When I tweeted recently that I was proudly taking my wife’s surname to become Mr Tansley, I thought of it as merely a courtesy to my small online following. Social media was the first place I’d “officially” changed my name, so here was a brief explanation for anyone who happened to notice I was no longer Mr Livesley – and another excuse to post a wedding photo.
The tweet swiftly gained attention, and as I enjoyed the mild dopamine rush of my likes running into the hundreds and thousands, I was heartened to notice that the comments were almost entirely positive: “There’s no greater show of love”. “So much better than the awful double-barrelled option” (it’s true, Livesley-Tansley was never going to work). “Ask your boyfriend if he’d do this. If he baulks at the idea, don’t marry him”. “Well done and thank you, Mr Tansley. Take a bow”.
That last one struck me as especially absurd, because I’d never intended to make a big statement. The decision is rooted in a conversation several years ago, before I’d asked my now-wife Phoebe to marry me, when she simply told me that she wanted to keep her surname forever. Tansley is who she is, she said – an integral part of her identity. It ties her to herself, to her Scottish roots, but more importantly to her parents, both of whom sadly died years before they could have seen her get married.
My main takeaway from that conversation wasn’t a fully-formed plan to take Phoebe’s name – far from it. The decision took much longer than that. But what Phoebe had said made me notice I didn’t feel that way about my own surname.
There are a few reasons for this – firstly, Livesley has never exactly rolled off the tongue. It lends itself to errors. I’d be lying if I said I’ll miss getting post addressed to Mr Livesy, Liversly or Libeflery after spelling it out on the phone.
What’s more, I don’t necessarily think of my family as “the Livesleys” – my sister changed her surname when she got married and my brother has adopted his stage name full-time, so the emotional ties that continue to bind us haven’t taken the form of a unifying name for years. Ultimately, it’s nothing more complex or deep-rooted than that – either your surname means the world to you, or it doesn’t. My family does.
That realisation gave way to a gradual process. Phoebe and I talked many times after getting engaged, wondering if there was a way to combine our names – but the “-sley” in both meant we’d do better to just pick one than try to create a portmanteau. We even toyed with “Ley” for a while – but I wouldn’t have liked Al Ley any more than I like being called Ali.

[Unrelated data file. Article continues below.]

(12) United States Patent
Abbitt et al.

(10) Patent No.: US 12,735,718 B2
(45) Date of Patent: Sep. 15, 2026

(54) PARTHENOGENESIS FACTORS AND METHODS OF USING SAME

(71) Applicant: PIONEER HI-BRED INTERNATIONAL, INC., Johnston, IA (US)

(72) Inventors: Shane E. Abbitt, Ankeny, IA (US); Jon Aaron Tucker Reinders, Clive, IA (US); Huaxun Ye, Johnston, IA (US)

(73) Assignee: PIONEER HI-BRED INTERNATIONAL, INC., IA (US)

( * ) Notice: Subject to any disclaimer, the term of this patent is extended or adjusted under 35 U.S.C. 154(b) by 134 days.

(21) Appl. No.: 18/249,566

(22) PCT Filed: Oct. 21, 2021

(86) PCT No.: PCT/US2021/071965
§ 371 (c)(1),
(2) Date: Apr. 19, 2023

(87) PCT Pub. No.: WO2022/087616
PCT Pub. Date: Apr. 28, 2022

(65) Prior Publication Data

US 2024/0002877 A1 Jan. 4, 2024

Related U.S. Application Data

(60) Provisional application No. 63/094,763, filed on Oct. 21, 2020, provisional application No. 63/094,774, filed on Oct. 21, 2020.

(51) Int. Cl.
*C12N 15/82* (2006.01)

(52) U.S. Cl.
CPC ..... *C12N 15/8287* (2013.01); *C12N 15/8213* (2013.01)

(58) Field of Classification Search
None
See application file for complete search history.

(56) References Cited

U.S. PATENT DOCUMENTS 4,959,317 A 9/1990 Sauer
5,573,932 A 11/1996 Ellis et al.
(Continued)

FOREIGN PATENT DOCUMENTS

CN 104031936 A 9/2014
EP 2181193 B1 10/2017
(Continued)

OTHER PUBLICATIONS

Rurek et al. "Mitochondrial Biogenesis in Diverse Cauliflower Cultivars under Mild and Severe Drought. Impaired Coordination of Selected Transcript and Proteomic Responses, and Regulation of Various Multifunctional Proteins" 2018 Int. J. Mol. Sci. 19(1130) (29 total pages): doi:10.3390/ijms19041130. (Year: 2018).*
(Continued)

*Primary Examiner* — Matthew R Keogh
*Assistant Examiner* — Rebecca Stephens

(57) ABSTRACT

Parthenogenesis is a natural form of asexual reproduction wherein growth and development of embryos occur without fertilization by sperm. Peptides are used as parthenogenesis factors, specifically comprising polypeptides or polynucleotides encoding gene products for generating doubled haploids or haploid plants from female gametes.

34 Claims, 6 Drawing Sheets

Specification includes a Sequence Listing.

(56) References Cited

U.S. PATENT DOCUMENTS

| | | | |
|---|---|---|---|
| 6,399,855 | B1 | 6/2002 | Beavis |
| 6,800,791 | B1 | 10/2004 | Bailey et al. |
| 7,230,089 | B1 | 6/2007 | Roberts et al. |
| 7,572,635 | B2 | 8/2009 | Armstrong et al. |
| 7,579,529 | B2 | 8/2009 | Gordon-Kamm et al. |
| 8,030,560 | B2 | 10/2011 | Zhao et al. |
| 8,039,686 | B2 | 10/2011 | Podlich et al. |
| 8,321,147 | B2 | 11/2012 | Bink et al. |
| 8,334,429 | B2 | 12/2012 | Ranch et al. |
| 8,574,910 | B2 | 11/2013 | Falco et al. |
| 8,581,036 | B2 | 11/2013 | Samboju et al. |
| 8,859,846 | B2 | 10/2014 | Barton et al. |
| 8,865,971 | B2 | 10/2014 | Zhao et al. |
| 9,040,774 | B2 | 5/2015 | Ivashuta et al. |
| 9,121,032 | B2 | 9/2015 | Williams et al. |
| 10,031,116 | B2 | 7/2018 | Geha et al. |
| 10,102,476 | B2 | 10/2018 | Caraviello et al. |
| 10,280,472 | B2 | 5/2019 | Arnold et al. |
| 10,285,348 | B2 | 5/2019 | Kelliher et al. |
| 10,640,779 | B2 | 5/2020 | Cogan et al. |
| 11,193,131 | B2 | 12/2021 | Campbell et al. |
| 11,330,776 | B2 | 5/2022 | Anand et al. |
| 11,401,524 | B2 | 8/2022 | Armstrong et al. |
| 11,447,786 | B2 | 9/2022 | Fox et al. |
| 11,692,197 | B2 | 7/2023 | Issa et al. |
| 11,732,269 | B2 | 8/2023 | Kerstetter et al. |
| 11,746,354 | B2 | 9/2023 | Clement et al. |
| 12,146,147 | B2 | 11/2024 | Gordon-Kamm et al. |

Two things eventually struck me. I had no problem changing my name, and it would mean an awful lot to Phoebe if I did. And being able to decide to do so was a privilege – so many women through the years must have felt they had no choice. My dad’s reaction when I told him was indifference, but my mum exclaimed “That’s just what you do, isn’t it?!” when I suggested that Phoebe didn’t have to take my surname.
Of course, maybe I’ll feel differently about Livesley when my own parents aren’t here. But my new name is something gained, not lost – I’ll always be their son and three different letters aren’t about to change that. And while there’s currently no male child in the Livesley family to carry the name forward, the Tansleys don’t have one either. But maybe by the time the kids grow up, one of the girls might feel she can do it herself.
We’ve got an 18-month-old daughter (another factor in my decision) and I’d love to think that one day she and her cousins won’t even question the idea of picking their own married name. Because that’s really what this is about – moving the dial. Taking a tiny step towards normalising what I’ve done.
There’s so much about the patriarchy that’s unavoidably baked into marriage – and indeed everyday life – so why wouldn’t I do something that pushes back just that little bit more? Why not make that gesture of love and respect to my wife that says “We’re equals, your history is as important as mine” and sets that as the tone for our life together?
Since my tweet got such a reaction I’ve been trying to think why taking Phoebe’s name is seen as so remarkable. I can only assume that it’s just another case of the status quo being hard to shift. Maybe some men don’t because they worry about how it will be perceived (I did, but to my surprise even my blokiest mates reacted with nothing but positivity). Or maybe it feels like the biggest decision in the world (it’s not) and they wonder if they’ll regret it. Or perhaps it never occurs to them.
I’d say to any man considering taking his wife’s surname that if it feels like the right thing to do, you shouldn’t hesitate. It made me even prouder to stand alongside my wife on our wedding day and commit myself to our future in front of everyone we love.
Of course, I can only speak about the decision from an emotional point of view – I haven’t even scratched the surface of the paperwork and I’ve no doubt that legally speaking, it will be a spectacular faff. But I really don’t mind. As my mum rightly pointed out, women have been doing it unquestioningly for centuries.